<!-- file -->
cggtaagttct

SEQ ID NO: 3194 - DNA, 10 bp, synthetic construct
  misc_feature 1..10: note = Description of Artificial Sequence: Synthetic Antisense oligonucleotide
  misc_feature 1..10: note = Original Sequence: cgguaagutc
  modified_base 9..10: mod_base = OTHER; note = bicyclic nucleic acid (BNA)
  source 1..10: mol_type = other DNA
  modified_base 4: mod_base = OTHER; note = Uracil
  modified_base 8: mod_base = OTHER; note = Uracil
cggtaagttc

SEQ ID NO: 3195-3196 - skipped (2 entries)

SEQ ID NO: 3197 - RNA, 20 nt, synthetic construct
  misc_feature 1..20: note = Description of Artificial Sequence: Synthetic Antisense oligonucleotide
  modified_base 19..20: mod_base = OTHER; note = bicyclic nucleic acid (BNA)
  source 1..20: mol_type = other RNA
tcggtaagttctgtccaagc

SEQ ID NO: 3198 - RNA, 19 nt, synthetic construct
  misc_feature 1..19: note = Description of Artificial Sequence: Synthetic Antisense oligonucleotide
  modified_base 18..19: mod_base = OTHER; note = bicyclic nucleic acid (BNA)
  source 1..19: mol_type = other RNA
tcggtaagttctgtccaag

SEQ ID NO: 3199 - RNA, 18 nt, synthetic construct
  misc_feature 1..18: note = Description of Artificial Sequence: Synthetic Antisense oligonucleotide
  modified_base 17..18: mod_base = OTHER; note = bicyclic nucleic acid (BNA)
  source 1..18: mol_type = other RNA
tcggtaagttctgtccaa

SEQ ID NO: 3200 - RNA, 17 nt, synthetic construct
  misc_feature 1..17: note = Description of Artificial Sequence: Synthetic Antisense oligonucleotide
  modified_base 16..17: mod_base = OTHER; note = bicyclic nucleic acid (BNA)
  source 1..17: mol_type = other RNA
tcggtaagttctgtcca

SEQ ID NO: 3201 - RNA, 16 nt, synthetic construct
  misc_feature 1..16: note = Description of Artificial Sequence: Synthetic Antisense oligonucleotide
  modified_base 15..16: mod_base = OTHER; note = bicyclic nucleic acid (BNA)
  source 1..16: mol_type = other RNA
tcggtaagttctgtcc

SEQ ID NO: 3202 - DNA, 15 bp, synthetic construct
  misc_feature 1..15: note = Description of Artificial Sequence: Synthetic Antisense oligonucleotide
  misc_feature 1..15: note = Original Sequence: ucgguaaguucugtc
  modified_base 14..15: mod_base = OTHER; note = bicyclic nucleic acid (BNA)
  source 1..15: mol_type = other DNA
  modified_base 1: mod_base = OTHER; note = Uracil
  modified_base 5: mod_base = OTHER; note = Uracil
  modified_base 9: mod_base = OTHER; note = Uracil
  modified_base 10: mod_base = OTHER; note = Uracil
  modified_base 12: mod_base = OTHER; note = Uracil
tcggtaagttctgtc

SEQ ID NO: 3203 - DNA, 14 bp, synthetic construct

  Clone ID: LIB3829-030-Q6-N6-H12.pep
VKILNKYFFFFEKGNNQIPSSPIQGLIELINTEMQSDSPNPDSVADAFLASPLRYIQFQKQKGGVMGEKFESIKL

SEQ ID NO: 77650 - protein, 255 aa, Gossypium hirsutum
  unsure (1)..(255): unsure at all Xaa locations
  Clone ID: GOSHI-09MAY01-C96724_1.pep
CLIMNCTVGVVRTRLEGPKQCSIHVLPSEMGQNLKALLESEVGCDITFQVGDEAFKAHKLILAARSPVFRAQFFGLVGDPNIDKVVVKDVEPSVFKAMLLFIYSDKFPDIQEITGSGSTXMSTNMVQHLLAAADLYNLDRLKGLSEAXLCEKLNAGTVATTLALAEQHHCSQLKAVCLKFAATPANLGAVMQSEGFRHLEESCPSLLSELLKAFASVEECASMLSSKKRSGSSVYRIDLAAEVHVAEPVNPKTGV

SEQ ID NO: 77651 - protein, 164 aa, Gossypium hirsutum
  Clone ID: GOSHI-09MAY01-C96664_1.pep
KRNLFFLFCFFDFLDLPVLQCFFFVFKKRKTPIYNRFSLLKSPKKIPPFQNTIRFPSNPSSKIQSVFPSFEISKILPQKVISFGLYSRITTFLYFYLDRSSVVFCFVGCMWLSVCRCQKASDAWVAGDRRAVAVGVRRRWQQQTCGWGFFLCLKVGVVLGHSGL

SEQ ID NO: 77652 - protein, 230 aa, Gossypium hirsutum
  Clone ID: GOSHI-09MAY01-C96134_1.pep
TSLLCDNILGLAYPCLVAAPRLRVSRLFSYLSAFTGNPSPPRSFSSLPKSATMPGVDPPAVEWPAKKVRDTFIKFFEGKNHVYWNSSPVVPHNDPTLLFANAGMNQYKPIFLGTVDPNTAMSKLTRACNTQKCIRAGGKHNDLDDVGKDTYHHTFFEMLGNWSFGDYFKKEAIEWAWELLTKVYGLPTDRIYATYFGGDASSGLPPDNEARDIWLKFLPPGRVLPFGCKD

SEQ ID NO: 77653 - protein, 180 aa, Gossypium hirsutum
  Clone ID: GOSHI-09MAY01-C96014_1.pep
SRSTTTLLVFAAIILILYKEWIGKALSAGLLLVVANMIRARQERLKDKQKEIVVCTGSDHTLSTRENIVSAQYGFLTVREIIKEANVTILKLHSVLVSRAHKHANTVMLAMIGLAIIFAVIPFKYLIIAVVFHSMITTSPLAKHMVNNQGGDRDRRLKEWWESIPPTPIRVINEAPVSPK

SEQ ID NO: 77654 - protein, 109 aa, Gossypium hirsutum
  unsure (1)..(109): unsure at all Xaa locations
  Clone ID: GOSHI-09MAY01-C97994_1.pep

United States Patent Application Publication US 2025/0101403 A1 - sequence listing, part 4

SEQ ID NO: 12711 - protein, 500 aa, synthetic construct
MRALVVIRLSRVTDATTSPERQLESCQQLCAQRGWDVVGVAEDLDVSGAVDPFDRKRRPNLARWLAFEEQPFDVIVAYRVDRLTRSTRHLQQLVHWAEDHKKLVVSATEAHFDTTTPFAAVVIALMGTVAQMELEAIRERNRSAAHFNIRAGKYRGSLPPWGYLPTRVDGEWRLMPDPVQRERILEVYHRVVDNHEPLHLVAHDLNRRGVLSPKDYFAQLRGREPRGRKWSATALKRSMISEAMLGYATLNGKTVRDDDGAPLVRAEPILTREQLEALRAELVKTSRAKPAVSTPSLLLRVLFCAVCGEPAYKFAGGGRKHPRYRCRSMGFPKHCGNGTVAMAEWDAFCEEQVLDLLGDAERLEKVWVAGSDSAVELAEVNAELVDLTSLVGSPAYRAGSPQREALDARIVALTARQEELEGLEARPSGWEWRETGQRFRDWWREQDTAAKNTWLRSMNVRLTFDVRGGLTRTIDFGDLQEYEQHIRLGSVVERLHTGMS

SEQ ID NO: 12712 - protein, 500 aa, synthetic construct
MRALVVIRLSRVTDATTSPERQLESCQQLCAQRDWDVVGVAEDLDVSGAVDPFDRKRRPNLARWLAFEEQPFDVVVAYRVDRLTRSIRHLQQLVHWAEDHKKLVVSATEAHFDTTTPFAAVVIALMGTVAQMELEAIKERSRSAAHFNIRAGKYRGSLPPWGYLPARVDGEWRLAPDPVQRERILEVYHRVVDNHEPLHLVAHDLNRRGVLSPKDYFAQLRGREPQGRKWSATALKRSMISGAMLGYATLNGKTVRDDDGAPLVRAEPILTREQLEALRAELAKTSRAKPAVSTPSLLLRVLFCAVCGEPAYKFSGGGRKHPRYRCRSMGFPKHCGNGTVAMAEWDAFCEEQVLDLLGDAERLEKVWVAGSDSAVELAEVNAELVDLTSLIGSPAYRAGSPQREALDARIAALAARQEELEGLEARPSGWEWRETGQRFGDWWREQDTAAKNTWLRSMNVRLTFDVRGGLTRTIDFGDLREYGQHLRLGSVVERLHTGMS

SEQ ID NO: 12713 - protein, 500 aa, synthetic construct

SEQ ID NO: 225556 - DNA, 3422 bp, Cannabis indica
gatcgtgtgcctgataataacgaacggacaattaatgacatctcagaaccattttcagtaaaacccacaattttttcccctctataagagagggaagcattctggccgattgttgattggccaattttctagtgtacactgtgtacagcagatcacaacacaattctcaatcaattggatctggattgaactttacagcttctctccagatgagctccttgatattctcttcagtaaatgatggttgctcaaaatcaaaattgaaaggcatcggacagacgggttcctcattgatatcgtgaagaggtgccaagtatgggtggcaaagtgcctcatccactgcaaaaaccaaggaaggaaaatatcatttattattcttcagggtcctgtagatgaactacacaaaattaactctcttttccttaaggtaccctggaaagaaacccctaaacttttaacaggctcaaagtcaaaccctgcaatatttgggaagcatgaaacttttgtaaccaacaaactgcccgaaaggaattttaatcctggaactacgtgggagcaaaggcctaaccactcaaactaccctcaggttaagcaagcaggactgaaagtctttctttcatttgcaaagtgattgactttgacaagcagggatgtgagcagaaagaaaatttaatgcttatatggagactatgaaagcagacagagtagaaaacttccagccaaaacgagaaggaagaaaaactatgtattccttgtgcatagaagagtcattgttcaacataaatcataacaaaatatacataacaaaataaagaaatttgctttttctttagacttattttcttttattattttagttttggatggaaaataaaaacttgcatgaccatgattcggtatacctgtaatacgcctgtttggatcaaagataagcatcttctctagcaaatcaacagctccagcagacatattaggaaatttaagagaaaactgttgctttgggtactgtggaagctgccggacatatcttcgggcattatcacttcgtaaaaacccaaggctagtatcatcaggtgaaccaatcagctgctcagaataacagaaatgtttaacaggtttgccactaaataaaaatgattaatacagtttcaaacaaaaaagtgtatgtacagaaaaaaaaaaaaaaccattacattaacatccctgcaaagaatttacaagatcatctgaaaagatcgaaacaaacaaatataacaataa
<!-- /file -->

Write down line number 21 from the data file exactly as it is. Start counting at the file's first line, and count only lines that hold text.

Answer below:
SEQ ID NO: 3199 - RNA, 18 nt, synthetic construct